A new voluntary code of practice for glazing technicians will ensure that the safety of motorists remains top priority during the replacement, or refit, of vehicle windscreens.
Industry experts including the likes of Thatcham Research, National Windscreens and Nationwide Crash Repair Centres, have this week issued the ‘ADAS Glazing Code of Practice’, which is aimed at ensuring an effective and consistent approach to the recalibration of vital ADAS (Advanced Driver Assistance Systems) technology.
ADAS sensors and cameras are located towards the top of a vehicle’s front screen, between the glass and the rear view mirror, with the camera lens usually clearly visible from outside the vehicle. The technology is designed to work in combination to provide an accurate view of the vehicle’s immediate surroundings. This enables a range of safety and comfort features such as Autonomous Emergency Braking or Adaptive Cruise Control.
Safety experts unanimously agree that ADAS-enabled technology is fundamental to preventing crashes and saving lives; however, without a robust process for recalibration, system performance could be adversely affected.
The new code of practice provides those who have responsibility for windscreen replacement with a clear framework for ensuring that the safety of customers with vehicles fitted with ADAS sensors is not compromised in any way. If for any reason the repairer is unable to recalibrate at the time of carrying out the work, motorists need to have clear information as to what their options are and ensure they follow through, avoiding the potentially dangerous situation of ADAS technology not functioning correctly.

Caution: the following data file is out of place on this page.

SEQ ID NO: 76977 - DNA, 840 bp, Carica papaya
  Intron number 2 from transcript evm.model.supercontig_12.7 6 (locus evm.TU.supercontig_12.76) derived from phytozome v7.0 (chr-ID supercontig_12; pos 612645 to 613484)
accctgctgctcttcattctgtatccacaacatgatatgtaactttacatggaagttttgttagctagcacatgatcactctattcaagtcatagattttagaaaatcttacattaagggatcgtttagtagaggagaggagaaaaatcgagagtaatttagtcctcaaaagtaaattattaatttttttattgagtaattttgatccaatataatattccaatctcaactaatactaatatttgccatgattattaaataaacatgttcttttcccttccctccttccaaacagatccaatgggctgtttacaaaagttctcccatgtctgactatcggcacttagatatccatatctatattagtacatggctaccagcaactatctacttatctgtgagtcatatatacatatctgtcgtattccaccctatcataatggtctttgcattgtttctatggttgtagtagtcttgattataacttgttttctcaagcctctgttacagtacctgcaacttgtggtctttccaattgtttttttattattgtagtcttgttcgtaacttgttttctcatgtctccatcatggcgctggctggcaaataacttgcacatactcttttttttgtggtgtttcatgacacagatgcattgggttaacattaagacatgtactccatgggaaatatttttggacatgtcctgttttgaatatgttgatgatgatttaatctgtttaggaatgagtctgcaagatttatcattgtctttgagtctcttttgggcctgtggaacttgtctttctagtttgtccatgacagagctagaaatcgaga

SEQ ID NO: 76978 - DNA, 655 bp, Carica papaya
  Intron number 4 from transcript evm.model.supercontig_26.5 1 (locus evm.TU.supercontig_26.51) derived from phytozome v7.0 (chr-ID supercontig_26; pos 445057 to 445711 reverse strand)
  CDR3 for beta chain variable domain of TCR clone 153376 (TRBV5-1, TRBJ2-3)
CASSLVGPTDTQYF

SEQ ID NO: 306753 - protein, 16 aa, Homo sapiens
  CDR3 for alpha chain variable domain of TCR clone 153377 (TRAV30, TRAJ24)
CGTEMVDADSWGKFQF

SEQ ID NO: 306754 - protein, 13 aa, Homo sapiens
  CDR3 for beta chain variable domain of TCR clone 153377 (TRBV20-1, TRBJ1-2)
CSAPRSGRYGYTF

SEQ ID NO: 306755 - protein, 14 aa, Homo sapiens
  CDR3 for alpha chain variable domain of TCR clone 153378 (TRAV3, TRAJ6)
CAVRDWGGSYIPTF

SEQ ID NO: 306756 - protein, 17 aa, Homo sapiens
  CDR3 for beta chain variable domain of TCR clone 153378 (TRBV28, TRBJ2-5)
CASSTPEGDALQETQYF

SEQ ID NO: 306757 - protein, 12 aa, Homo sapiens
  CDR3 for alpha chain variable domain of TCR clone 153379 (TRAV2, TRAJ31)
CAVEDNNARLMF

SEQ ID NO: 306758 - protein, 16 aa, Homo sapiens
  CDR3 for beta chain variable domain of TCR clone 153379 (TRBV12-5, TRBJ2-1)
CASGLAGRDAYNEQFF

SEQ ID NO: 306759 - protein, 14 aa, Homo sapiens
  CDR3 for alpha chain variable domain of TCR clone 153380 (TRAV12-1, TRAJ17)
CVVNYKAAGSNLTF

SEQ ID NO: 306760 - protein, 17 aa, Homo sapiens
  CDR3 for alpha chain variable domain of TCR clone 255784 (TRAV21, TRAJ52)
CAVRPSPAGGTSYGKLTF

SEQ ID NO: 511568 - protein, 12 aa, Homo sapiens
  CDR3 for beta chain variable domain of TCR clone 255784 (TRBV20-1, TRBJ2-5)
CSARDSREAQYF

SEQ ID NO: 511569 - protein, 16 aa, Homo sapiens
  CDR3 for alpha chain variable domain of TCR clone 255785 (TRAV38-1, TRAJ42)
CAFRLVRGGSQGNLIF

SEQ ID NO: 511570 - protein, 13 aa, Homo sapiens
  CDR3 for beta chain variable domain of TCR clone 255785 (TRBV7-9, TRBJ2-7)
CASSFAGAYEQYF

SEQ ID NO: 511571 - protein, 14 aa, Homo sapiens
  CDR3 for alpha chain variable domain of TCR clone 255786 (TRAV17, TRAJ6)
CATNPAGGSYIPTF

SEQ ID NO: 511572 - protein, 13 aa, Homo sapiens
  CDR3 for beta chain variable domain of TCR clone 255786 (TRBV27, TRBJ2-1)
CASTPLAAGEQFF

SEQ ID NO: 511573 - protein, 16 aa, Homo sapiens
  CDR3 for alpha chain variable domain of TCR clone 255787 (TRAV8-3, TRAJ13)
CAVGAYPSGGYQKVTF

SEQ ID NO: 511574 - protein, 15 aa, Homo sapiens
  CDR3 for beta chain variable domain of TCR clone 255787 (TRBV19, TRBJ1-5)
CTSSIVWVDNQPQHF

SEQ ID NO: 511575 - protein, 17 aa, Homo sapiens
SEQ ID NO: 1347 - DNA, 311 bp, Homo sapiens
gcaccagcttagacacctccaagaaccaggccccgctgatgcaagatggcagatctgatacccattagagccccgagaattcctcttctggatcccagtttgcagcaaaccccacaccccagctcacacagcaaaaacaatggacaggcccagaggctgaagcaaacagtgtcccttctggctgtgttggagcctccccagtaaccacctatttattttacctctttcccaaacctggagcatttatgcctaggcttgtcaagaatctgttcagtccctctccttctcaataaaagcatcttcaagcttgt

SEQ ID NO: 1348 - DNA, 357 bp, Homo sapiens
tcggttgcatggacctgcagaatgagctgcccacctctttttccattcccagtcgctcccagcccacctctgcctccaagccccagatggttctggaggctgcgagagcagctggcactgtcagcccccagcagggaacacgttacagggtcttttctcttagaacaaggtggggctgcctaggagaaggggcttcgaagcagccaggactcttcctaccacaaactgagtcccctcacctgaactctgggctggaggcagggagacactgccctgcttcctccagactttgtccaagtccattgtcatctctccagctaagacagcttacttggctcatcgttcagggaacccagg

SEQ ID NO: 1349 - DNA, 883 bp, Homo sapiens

“ADAS systems have become an integral feature on modern cars, with motorists increasingly putting their trust in the additional layer of safety that this technology provides. This code of practice is a recognition by the industry that, whilst ADAS technology is helping make vehicles that much safer, it is also going to put a much greater emphasis on ensuring that safety levels remain unaffected following a repair,” said Andrew Miller, Chief Technology Officer at Thatcham Research.
Windscreen-mounted ADAS technology is currently fitted to approximately 6% of vehicles on the road and it’s thought that this figure could be more like 40% by the year 2020. Motorists will increasingly need to be aware of the technology fitted to their own vehicles and are encouraged to ask questions and take their own steps to ensure that the technology has been handled in the right way.
“The industry is proactively putting a best practice framework in place, which should provide great confidence to motorists that their safety is at the very heart of this initiative,” commented Miller.
“However, motorists themselves do have a responsibility in ensuring they remain safe on the road and they are encouraged to ask questions following any repair to the windscreen to satisfy themselves that the technology on their car is being properly handled. If in any doubt, it’s imperative that they consult their own dealer for confirmation.”